The Fed decided to raise the interest rate by 75 basis points; Likely early pivot: Reuters poll

A woman holds US dollar bills in this illustration taken on May 30, 2022. REUTERS/Dado Rovich/Illustration

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BENGALURU (Reuters) – The Federal Reserve will raise interest rates by 75 basis points next week and is likely to keep the rate on hold for an extended period once it eventually peaks, a Reuters poll of economists released on Tuesday showed. .

Policymakers did little to roll back market pricing for a third consecutive rate hike of three-quarters of a percentage point at the US central bank’s Sept. 20-21 meeting, with inflation, as measured by the Fed’s preferred metric, operating at a higher rate. More than triple its 2% target. Read more

A large majority of economists, 44 out of 72, expected the central bank to raise the federal funds rate by 75 basis points next week after two such moves in June and July, compared to just 20% who said so just a month ago.

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If achieved, it would take the policy rate to the 3.00%-3.25% target range, the highest since early 2008, before the worst of the global financial crisis. The remaining 39% still expect a 50 basis point rise.

The shift in expectations for a bigger rally has sent the dollar to a two-decade high against a basket of currencies. United State. The currency was expected to extend its dominance for the remainder of this year and into early next year.

Michael Gaben, chief US economist at Bank of America Securities, noted that “if there has been a shift in the Fed’s tone in recent months, it has been in the direction of a stronger commitment to lower inflation, even with the threat of deflation.” , who was among those surveyed.

Like many others in the poll, Gaben recently changed his forecast to show the Federal Reserve will raise rates by 75 basis points next week instead of half a percentage point.

But increasing borrowing costs so quickly comes with its own risks. The poll estimated that the probability of a recession in the United States over the next year is 45%, unchanged from previous forecasts, with the probability of a recession in the next two years rising to 55% from 50%.

According to the survey, the world’s No. 1 economy, which has experienced a contraction of GDP in the past two quarters, was expected to grow below its long-term average trend of 2% until at least 2025.

Economists said interest rate expectations for the September meeting could change if inflation eases. The US Labor Department is set to release consumer price index data on Tuesday, with economists polled by Reuters expecting the consumer price index to rise 8.1% in the 12 months through August. The CPI jumped 8.5% in the 12 months to July.

The poll showed that whether or not the Fed slows its monetary tightening, either through a 50 or 25 basis point hike at its November 1-2 policy meeting, is on edge. With that said, the majority of economists expected the central bank to opt for a 25 basis point increase at its December 13-14 meeting.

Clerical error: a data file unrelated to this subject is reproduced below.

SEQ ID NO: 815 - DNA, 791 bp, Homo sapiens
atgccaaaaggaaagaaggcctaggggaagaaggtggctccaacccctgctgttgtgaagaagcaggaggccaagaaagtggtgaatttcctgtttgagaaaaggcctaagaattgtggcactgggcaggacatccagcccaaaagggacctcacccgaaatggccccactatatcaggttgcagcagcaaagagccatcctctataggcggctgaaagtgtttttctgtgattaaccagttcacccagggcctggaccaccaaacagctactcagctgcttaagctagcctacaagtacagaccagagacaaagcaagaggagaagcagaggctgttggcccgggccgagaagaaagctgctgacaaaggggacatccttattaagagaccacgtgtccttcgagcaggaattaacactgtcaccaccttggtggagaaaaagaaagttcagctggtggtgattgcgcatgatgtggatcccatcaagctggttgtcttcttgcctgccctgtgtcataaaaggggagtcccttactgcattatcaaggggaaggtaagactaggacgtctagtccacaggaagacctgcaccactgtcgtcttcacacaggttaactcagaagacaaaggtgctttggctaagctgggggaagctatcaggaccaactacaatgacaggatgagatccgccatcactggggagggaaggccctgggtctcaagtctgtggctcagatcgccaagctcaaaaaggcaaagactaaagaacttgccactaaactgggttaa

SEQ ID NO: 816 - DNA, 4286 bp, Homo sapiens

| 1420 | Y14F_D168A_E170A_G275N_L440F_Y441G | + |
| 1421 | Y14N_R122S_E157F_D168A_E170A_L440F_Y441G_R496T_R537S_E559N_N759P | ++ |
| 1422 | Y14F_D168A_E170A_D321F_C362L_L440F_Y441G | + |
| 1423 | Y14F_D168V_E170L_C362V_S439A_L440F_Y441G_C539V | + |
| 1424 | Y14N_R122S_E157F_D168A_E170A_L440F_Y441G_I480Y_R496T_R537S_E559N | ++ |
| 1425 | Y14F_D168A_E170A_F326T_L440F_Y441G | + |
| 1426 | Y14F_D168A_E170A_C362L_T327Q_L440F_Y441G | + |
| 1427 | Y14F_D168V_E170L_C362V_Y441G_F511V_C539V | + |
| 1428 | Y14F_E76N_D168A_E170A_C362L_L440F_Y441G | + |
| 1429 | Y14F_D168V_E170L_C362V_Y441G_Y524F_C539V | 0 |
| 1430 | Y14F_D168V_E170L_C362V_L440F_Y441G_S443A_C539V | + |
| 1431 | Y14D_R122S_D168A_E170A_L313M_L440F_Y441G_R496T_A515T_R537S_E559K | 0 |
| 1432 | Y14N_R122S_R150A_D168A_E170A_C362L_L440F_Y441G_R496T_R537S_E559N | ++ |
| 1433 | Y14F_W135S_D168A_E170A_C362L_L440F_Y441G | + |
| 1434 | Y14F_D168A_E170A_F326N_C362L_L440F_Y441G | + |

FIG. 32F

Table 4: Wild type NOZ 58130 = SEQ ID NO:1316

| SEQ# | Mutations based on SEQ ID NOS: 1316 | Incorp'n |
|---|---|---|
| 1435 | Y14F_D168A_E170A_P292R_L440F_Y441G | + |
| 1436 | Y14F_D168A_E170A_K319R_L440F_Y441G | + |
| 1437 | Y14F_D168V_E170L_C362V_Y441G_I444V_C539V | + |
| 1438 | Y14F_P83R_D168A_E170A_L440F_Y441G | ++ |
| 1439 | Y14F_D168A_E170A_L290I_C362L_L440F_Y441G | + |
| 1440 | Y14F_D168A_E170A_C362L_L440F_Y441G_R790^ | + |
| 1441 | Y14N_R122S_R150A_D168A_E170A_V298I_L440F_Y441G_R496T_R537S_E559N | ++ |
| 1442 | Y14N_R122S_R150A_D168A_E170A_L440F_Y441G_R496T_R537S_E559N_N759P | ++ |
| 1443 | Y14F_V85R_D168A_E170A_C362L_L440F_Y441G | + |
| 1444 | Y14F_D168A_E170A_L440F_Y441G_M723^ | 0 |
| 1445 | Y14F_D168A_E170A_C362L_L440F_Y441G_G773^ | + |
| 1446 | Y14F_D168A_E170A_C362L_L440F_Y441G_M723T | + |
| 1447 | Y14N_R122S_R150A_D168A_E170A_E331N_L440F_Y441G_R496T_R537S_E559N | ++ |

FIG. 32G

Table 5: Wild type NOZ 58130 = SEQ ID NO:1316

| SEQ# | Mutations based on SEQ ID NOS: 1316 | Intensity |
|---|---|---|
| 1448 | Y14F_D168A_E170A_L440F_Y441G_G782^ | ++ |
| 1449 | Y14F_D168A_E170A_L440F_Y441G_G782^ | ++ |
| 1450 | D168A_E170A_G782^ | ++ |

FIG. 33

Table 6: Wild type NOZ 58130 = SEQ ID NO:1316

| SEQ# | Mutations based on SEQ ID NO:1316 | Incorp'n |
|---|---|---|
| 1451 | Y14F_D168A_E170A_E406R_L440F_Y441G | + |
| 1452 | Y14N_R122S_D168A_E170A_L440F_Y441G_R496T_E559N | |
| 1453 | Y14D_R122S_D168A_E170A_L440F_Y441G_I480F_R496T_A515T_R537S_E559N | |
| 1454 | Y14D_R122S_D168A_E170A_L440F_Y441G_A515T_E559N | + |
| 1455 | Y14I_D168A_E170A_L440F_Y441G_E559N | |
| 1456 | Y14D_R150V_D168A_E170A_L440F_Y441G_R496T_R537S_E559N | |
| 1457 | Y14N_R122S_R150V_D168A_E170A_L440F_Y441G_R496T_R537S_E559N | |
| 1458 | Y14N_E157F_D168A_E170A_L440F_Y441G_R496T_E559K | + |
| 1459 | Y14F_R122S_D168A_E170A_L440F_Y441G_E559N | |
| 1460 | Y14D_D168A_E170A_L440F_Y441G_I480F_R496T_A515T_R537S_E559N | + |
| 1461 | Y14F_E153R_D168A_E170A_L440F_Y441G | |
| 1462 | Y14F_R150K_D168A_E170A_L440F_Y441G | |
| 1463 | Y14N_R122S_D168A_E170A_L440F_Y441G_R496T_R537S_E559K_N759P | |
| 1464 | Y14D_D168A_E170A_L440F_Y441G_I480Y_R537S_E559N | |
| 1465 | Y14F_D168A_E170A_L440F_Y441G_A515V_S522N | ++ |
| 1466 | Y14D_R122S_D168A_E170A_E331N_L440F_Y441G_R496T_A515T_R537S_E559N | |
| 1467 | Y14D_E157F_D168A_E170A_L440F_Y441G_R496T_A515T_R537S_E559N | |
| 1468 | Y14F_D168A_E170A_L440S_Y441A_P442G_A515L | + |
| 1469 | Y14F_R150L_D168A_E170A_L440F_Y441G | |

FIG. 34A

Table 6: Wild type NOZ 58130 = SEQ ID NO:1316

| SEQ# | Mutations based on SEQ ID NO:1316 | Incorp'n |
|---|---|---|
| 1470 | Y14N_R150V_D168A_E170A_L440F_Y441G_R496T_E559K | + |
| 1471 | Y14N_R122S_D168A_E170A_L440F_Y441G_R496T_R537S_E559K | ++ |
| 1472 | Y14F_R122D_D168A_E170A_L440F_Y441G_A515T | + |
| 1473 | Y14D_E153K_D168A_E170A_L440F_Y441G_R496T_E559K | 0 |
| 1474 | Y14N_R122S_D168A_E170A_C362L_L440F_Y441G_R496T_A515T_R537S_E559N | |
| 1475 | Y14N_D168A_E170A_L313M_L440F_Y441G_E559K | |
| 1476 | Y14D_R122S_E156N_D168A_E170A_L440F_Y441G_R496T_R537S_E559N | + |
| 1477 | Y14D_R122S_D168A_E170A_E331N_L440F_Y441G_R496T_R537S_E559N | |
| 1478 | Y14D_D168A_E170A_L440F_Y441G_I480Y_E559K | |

There is still consensus among economists about where and when the Fed will stop raising interest rates, and similarly there has been no consensus on when it will start cutting them.

Among economists who had a view to the end of 2023, 47% expected at least one interest rate cut, down from 57% in last month’s poll.

Once the federal funds rate peaks, the central bank is more likely to leave it unchanged for an extended period than to cut it quickly, according to more than 80% of respondents who answered an additional question.

Fed Chair Jerome Powell said he and fellow policymakers will raise interest rates when needed and will keep them there “for some time” to bring inflation down to the 2% target. Read more

“We don’t expect the Fed to cut rates next year, it would be too early. They won’t have enough evidence that inflation is on a sustained downward path toward the target,” said Sal Gutierre, chief economist at BMO Capital Markets. . who was also among those surveyed.

‘wise thinking’

While inflation, according to the Consumer Price Index, was expected to average 8.0% and 3.7% this year and in 2023 respectively, a tight labor market was expected to support price pressures, according to the survey.

The US unemployment rate, which rose to 3.7% in August from 3.5% in July, was expected to average 3.7% this year before rising to 4.2% in 2023 and 2024. Read more

However, the unemployment rate would have to rise significantly to bring inflation down to 2%, according to 16 out of 30 respondents to an additional question that gave the average unemployment rate 5%. The other 14 said they didn’t need to go up much.

Philip Marie, chief US strategist at Rabobank, who was among those surveyed, said:

(For other stories from the Reuters World Economic Poll 🙂

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(Reporting by Prirana Bhatt and Indradeep Ghosh) Poll of Meloni Purohit and Aditi Verma; Editing by Harry Kishan, Ross Finley and Paul Simao

Our criteria: Thomson Reuters Trust Principles.

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